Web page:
Three Digital Signage Upsell Opportunities
By Ashley Bray
At its most basic, a sign shop’s involvement in digital signage can be as simple as selling and installing a digital board. But there are many more opportunities to wow a client through custom sign work and stellar service.
Here are three ways sign shops can go the extra mile in a digital signage sale.
1. Custom Fabrication
In an effort to help signage stand out, many sign shops create custom structures to house the EMC/digital sign. “We get the boards in from an LED manufacturer, but we don’t just ship them out,” says Trey Watts, vice president of sales for Springfield Sign in Missouri. “A lot of stuff that I see on the market is just a board welded to a pole or vice versa. We spend a lot of time finishing it so it’s a complete product.”
John Danio, vice president of Sales and Marketing for Indigo Signs, says his company does the same and will often design unique structures around the EMCs with the customer’s branding on it in order to bring more attention to the display and differentiate the sign. “We’ll design a sketch, and often there’s some type of permanent structure built around the EMC,” he says. “It’s not often just a billboard box. They want something built around it.”
Finishing and built structures can include everything from custom framing the display, creating a video wall, or incorporating a display into a monument or pylon sign. “Our predominant business is in either a monument or a pylon sign,” says Watts. “That’s probably where we place about 70-80% of our units.”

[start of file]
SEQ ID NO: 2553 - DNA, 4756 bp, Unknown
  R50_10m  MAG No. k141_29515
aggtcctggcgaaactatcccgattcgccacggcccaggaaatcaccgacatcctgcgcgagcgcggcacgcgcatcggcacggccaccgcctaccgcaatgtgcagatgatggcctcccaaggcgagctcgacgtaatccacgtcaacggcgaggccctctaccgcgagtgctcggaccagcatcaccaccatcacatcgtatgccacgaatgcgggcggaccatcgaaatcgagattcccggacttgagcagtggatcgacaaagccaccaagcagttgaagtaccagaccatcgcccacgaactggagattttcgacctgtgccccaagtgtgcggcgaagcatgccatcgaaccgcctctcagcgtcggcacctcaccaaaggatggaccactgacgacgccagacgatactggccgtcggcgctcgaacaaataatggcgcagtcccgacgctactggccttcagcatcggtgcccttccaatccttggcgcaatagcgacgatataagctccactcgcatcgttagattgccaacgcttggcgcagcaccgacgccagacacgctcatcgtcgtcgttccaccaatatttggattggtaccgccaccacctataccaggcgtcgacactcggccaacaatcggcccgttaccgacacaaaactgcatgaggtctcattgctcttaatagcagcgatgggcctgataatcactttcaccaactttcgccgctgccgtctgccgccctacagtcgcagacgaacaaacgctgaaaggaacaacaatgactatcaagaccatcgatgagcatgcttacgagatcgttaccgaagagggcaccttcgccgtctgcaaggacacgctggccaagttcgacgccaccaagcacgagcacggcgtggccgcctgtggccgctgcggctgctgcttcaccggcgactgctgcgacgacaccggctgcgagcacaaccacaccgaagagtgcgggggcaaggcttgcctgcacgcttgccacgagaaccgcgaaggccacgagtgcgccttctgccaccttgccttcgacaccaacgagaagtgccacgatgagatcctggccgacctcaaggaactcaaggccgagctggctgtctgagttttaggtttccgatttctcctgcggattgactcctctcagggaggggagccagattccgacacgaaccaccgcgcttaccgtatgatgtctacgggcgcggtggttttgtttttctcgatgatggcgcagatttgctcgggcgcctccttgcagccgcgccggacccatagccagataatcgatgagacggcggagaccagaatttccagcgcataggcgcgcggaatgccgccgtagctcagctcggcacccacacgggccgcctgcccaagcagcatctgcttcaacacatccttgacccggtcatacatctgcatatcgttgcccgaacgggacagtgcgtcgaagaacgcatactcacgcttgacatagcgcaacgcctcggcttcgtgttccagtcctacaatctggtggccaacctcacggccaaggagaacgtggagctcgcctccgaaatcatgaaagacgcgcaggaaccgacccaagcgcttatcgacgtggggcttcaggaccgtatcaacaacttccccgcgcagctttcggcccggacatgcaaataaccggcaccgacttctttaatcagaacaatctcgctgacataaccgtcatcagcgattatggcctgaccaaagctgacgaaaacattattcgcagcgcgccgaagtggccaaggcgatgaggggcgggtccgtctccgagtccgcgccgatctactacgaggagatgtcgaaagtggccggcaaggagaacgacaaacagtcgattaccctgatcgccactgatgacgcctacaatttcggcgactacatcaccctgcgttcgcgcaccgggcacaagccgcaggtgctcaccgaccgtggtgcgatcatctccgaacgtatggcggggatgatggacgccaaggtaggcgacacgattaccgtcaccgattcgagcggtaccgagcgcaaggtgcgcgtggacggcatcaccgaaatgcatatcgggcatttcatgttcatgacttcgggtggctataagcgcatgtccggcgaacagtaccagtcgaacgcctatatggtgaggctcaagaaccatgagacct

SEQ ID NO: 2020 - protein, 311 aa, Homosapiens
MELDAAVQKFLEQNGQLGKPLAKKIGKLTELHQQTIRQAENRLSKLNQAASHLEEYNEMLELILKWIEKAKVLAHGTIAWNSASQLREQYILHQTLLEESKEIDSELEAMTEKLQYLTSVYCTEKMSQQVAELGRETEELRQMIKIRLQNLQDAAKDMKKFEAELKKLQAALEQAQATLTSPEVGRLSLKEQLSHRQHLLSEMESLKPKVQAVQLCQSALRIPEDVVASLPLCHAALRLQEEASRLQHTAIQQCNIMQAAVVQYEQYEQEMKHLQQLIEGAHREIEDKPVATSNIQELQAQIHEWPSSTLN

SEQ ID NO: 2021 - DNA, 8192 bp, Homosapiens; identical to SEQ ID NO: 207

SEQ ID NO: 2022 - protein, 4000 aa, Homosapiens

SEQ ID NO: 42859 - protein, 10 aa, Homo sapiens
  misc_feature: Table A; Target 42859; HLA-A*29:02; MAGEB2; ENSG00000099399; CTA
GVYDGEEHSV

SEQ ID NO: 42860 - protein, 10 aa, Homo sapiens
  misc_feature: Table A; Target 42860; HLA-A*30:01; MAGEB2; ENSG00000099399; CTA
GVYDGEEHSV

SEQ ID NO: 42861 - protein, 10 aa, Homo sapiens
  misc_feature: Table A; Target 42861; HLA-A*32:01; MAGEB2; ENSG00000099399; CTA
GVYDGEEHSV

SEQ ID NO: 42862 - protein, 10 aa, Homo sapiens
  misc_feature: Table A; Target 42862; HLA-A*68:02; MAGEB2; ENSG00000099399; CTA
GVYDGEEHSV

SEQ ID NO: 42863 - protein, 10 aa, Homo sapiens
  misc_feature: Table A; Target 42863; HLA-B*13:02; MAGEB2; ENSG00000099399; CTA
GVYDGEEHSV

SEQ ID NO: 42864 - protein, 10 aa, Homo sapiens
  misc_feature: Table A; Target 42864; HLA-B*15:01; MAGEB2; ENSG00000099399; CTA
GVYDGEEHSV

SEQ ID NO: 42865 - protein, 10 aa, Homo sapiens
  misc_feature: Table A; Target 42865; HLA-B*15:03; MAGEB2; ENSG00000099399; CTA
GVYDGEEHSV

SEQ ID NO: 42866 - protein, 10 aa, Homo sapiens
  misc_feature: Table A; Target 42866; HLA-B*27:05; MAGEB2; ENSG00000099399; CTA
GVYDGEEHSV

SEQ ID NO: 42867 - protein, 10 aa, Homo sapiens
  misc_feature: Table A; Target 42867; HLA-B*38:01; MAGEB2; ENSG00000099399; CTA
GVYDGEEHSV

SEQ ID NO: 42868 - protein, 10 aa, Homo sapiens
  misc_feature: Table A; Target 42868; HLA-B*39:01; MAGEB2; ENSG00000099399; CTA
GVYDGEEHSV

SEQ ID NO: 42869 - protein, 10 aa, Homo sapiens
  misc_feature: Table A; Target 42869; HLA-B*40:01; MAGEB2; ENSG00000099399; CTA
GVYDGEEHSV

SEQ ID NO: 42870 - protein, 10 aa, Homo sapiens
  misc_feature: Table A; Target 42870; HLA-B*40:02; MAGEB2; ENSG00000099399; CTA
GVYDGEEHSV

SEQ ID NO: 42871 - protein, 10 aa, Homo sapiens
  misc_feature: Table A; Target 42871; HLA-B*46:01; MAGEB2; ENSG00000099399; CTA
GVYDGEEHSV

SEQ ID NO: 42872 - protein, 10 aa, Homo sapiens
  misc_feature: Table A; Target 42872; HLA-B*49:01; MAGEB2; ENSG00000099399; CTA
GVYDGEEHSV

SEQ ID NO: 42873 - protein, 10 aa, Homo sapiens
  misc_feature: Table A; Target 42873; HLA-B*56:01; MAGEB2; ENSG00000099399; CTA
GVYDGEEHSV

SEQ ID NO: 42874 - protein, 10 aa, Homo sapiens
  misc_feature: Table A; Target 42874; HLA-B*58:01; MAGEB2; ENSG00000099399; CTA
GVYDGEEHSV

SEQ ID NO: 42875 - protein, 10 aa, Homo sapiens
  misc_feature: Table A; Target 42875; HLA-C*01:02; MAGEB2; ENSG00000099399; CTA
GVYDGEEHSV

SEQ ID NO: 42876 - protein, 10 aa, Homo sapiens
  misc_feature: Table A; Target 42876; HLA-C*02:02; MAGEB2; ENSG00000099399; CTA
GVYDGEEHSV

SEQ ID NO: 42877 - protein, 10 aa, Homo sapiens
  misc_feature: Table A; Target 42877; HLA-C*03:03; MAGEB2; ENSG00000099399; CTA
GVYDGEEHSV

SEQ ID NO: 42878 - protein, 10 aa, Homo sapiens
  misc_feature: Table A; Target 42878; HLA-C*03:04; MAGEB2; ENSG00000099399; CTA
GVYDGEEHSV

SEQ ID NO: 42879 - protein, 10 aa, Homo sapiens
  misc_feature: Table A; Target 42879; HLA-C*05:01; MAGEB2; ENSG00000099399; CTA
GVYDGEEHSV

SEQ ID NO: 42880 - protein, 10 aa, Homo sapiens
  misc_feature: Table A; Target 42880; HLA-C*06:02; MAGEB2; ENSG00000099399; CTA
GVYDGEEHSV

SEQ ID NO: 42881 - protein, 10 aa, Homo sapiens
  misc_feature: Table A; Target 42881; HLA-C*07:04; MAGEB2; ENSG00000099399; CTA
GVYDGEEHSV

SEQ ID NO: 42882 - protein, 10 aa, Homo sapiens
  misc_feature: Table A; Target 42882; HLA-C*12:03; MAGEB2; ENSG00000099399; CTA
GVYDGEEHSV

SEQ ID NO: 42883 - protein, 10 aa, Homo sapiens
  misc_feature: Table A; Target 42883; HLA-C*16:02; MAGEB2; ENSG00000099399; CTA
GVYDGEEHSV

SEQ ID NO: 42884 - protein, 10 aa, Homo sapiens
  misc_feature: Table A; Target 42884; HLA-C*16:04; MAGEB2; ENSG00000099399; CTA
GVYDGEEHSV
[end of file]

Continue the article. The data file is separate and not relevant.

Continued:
Danio sees a trend toward incorporating digital signage into monuments thanks to restrictive sign codes. “We hear a lot of issues with cities that are really trying to lock down the codes and lower the heights that signs can be. So there’s this trend toward more and more monuments,” he says. “You can’t put up as big of a sign as you could in the past, so how do you really create a more dynamic visual there? Incorporating an EMC in creative ways into a monument sign, I think, will be a growing need and opportunity for us as cities try to lock down the type of signs, the size of signs that businesses can put up.”
Ray Peters, managing owner of AAA Signs with locations in Georgia and South Carolina, not only custom fabricates structures and frames for new digital signs, but also recommends retrofits for existing ones. “We take existing structures that maybe had a marquee out on them and retrofit them with an electronic message center,” he says. “We do a lot of custom sign stuff.”
2. Content Creation
A digital sign board is only as good as the content it shows, so content creation is an extremely important part of the process. Some digital sign manufacturers offer standard content and templates. Some larger companies and clients have an in-house marketing professional or department to handle the content creation. But smaller companies and clients looking to customize their content beyond the standard can often use some help.
“If they want to customize their content, we’ll work with them on how that can be done. We do an initial training with every installation that we put out there. So it could be a local business owner or organization, they don’t have someone that’s maybe very tech savvy, but they can lean on us,” says Danio, who explains they help train the client on what their local code allows and how to use and update the content.